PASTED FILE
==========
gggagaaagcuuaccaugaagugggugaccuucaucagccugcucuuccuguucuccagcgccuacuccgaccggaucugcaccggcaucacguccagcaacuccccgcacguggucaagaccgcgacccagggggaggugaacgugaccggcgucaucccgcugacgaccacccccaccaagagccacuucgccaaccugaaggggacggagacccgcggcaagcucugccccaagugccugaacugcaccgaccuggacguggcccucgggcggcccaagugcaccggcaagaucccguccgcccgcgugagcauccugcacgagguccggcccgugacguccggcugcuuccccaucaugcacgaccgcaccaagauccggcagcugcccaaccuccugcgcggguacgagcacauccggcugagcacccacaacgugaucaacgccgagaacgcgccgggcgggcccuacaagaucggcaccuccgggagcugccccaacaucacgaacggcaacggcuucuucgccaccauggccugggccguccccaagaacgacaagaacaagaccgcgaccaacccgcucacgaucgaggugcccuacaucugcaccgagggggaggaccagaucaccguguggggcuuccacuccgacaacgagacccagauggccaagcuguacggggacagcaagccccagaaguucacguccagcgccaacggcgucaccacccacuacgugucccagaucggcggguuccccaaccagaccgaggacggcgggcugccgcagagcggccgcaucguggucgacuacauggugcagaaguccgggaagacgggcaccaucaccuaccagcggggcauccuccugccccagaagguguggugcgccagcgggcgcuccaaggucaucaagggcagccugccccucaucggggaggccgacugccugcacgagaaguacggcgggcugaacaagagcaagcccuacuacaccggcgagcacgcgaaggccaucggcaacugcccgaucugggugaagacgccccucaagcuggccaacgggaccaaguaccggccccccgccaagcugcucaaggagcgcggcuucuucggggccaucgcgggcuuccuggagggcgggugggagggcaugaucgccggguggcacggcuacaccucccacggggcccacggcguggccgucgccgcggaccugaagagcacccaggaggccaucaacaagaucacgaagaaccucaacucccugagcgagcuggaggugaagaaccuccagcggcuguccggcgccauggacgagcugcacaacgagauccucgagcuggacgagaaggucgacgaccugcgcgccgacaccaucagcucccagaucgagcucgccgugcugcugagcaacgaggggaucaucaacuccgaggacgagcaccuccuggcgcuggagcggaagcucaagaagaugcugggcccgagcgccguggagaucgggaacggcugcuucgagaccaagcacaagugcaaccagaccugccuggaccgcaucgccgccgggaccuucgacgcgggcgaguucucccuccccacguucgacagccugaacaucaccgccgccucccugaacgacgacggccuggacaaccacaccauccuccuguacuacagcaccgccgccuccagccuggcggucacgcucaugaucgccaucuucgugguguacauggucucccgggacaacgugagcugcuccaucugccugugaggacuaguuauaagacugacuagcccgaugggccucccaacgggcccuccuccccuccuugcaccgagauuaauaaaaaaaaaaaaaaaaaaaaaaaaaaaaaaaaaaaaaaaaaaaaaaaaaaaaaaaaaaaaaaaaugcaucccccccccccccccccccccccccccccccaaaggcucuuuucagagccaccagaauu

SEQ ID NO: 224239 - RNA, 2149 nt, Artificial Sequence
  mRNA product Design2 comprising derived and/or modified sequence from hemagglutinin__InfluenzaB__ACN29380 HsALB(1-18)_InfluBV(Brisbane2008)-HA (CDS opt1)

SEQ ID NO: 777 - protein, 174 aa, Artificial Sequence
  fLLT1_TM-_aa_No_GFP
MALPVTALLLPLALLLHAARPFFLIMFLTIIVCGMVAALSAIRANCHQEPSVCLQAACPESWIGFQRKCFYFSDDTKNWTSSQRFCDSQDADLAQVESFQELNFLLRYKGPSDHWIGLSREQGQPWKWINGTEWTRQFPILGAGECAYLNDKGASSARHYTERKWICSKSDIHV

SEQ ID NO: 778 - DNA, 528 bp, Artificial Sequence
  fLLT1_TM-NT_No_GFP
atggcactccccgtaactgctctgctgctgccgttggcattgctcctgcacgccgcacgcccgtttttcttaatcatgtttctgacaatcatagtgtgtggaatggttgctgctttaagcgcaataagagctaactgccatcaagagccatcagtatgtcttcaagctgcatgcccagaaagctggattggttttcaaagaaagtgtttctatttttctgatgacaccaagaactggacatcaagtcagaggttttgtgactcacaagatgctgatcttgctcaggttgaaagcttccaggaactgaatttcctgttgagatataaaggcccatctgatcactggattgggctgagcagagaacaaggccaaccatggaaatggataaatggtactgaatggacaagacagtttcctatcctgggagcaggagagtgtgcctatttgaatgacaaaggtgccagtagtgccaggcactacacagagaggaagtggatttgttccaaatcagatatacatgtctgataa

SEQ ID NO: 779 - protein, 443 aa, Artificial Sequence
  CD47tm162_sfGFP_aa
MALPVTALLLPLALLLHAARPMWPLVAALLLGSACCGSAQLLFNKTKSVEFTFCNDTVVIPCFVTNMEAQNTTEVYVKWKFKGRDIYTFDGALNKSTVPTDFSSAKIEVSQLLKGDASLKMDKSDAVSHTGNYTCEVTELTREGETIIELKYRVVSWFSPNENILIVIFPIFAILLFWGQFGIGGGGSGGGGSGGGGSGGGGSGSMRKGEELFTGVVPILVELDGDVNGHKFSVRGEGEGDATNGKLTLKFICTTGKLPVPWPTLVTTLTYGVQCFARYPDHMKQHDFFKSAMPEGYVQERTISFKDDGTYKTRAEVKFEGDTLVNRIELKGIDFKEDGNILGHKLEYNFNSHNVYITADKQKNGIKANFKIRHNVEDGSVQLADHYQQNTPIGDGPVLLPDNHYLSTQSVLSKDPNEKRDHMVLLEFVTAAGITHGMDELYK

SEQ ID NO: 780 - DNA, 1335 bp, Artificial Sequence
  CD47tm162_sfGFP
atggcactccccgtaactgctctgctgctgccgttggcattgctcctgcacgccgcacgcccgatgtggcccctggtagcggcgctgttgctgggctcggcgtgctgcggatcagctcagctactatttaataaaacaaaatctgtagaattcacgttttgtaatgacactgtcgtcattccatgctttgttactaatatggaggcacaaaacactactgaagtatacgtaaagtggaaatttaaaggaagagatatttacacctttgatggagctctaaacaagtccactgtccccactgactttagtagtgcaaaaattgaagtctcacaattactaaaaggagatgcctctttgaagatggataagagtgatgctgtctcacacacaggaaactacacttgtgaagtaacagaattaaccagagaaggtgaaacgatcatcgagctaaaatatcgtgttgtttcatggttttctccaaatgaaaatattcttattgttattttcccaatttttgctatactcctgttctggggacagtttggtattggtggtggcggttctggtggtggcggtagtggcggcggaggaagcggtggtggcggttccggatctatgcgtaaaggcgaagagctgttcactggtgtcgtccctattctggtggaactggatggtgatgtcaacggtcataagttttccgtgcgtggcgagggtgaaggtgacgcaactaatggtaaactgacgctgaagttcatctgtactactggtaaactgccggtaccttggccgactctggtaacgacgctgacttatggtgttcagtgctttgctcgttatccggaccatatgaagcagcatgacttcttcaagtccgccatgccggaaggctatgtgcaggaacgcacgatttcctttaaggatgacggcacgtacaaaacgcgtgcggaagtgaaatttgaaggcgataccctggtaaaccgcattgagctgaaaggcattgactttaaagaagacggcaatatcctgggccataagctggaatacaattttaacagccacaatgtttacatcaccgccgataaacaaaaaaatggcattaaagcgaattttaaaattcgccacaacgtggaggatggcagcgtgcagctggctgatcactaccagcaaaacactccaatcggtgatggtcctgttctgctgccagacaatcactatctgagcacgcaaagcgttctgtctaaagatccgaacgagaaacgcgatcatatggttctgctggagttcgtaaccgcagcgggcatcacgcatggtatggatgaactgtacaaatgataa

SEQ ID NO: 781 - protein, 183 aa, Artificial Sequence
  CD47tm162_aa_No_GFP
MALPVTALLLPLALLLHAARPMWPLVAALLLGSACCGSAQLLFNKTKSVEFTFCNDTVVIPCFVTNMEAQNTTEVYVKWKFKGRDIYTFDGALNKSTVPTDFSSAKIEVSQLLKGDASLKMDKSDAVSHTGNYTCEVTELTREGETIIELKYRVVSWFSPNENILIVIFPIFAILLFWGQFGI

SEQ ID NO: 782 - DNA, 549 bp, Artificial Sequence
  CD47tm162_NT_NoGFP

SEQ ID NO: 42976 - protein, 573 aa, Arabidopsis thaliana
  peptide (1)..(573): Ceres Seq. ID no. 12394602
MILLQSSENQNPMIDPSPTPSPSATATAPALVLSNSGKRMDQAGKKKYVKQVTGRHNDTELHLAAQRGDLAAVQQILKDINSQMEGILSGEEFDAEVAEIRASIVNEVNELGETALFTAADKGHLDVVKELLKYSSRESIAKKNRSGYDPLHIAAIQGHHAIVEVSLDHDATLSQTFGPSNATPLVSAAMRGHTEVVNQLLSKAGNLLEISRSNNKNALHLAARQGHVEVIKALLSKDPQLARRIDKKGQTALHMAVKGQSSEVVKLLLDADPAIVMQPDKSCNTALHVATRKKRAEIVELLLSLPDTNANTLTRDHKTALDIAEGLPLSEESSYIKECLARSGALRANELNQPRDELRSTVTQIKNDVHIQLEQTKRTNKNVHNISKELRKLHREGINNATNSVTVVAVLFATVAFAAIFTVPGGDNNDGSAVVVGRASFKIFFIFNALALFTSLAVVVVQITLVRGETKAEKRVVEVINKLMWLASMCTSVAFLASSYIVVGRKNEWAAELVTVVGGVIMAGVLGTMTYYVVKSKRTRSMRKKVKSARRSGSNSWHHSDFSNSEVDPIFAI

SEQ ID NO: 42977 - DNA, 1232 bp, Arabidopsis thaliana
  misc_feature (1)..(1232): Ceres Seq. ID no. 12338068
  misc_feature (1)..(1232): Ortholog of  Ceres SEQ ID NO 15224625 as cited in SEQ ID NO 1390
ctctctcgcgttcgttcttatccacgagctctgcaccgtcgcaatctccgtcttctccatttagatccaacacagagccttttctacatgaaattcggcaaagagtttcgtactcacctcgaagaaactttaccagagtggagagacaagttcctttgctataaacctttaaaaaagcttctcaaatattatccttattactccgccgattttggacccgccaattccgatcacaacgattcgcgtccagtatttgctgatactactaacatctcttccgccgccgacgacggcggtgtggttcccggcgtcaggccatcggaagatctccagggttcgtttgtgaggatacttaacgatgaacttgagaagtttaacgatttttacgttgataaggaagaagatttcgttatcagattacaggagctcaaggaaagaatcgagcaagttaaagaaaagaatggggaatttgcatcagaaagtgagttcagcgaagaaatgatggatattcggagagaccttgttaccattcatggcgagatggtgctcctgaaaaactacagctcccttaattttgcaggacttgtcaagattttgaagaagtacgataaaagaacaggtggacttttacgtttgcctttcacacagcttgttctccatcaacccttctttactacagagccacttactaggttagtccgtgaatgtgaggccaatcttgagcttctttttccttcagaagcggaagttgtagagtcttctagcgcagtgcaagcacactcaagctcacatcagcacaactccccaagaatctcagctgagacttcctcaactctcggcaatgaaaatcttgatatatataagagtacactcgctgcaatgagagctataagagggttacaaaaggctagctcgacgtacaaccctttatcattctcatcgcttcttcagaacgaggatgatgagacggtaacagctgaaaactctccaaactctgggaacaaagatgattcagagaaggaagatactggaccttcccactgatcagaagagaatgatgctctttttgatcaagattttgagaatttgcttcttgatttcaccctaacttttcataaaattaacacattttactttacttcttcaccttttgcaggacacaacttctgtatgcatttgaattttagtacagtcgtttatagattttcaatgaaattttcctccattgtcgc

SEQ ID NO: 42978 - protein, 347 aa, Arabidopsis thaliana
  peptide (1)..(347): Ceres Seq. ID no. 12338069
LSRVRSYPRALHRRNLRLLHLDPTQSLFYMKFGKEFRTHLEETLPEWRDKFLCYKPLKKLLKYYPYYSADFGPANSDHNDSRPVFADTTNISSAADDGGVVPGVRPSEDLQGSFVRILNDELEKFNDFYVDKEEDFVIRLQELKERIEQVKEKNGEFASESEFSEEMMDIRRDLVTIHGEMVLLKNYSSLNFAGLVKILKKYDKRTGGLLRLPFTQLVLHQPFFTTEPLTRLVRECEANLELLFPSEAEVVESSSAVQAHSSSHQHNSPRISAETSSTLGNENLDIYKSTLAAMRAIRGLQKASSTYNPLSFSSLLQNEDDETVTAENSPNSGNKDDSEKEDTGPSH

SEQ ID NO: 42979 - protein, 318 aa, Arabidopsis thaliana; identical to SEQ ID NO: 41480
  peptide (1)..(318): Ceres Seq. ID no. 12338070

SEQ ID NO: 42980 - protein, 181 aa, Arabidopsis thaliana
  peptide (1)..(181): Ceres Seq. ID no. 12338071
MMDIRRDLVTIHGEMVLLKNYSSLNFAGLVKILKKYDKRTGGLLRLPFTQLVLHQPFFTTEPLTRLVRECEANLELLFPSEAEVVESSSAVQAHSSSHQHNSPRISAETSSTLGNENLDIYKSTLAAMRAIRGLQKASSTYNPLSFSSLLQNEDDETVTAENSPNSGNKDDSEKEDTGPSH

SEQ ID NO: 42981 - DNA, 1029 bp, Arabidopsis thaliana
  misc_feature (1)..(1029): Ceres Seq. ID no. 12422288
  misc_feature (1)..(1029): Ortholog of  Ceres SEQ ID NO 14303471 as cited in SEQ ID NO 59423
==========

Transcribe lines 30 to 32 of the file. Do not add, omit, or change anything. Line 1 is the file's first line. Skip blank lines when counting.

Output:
LSRVRSYPRALHRRNLRLLHLDPTQSLFYMKFGKEFRTHLEETLPEWRDKFLCYKPLKKLLKYYPYYSADFGPANSDHNDSRPVFADTTNISSAADDGGVVPGVRPSEDLQGSFVRILNDELEKFNDFYVDKEEDFVIRLQELKERIEQVKEKNGEFASESEFSEEMMDIRRDLVTIHGEMVLLKNYSSLNFAGLVKILKKYDKRTGGLLRLPFTQLVLHQPFFTTEPLTRLVRECEANLELLFPSEAEVVESSSAVQAHSSSHQHNSPRISAETSSTLGNENLDIYKSTLAAMRAIRGLQKASSTYNPLSFSSLLQNEDDETVTAENSPNSGNKDDSEKEDTGPSH

SEQ ID NO: 42979 - protein, 318 aa, Arabidopsis thaliana; identical to SEQ ID NO: 41480
  peptide (1)..(318): Ceres Seq. ID no. 12338070